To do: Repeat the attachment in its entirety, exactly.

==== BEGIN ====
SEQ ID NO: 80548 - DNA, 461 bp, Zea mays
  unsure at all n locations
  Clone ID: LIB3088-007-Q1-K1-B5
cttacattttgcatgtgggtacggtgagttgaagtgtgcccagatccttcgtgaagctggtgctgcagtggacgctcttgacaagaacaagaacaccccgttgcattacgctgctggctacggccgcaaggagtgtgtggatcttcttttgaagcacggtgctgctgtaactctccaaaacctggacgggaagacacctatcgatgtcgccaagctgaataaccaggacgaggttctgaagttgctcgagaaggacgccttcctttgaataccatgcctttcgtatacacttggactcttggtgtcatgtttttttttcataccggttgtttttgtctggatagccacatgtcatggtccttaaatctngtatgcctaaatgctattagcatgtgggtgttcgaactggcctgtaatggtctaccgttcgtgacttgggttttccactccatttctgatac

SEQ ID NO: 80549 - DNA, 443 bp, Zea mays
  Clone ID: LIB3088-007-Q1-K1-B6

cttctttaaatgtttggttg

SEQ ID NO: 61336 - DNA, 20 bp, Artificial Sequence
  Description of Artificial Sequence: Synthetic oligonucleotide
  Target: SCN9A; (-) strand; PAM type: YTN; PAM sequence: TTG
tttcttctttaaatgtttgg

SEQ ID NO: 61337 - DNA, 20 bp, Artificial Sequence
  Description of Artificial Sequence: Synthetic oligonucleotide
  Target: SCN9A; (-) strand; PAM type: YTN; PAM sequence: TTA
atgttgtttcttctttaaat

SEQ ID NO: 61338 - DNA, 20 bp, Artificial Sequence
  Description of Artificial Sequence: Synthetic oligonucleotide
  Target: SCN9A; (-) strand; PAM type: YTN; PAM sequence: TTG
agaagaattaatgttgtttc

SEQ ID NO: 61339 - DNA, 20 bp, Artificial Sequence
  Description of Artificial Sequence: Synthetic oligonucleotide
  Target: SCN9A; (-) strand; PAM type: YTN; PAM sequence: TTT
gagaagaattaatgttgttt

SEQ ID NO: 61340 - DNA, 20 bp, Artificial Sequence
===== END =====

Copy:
SEQ ID NO: 80548 - DNA, 461 bp, Zea mays
  unsure at all n locations
  Clone ID: LIB3088-007-Q1-K1-B5
cttacattttgcatgtgggtacggtgagttgaagtgtgcccagatccttcgtgaagctggtgctgcagtggacgctcttgacaagaacaagaacaccccgttgcattacgctgctggctacggccgcaaggagtgtgtggatcttcttttgaagcacggtgctgctgtaactctccaaaacctggacgggaagacacctatcgatgtcgccaagctgaataaccaggacgaggttctgaagttgctcgagaaggacgccttcctttgaataccatgcctttcgtatacacttggactcttggtgtcatgtttttttttcataccggttgtttttgtctggatagccacatgtcatggtccttaaatctngtatgcctaaatgctattagcatgtgggtgttcgaactggcctgtaatggtctaccgttcgtgacttgggttttccactccatttctgatac

SEQ ID NO: 80549 - DNA, 443 bp, Zea mays
  Clone ID: LIB3088-007-Q1-K1-B6

cttctttaaatgtttggttg

SEQ ID NO: 61336 - DNA, 20 bp, Artificial Sequence
  Description of Artificial Sequence: Synthetic oligonucleotide
  Target: SCN9A; (-) strand; PAM type: YTN; PAM sequence: TTG
tttcttctttaaatgtttgg

SEQ ID NO: 61337 - DNA, 20 bp, Artificial Sequence
  Description of Artificial Sequence: Synthetic oligonucleotide
  Target: SCN9A; (-) strand; PAM type: YTN; PAM sequence: TTA
atgttgtttcttctttaaat

SEQ ID NO: 61338 - DNA, 20 bp, Artificial Sequence
  Description of Artificial Sequence: Synthetic oligonucleotide
  Target: SCN9A; (-) strand; PAM type: YTN; PAM sequence: TTG
agaagaattaatgttgtttc

SEQ ID NO: 61339 - DNA, 20 bp, Artificial Sequence
  Description of Artificial Sequence: Synthetic oligonucleotide
  Target: SCN9A; (-) strand; PAM type: YTN; PAM sequence: TTT
gagaagaattaatgttgttt

SEQ ID NO: 61340 - DNA, 20 bp, Artificial Sequence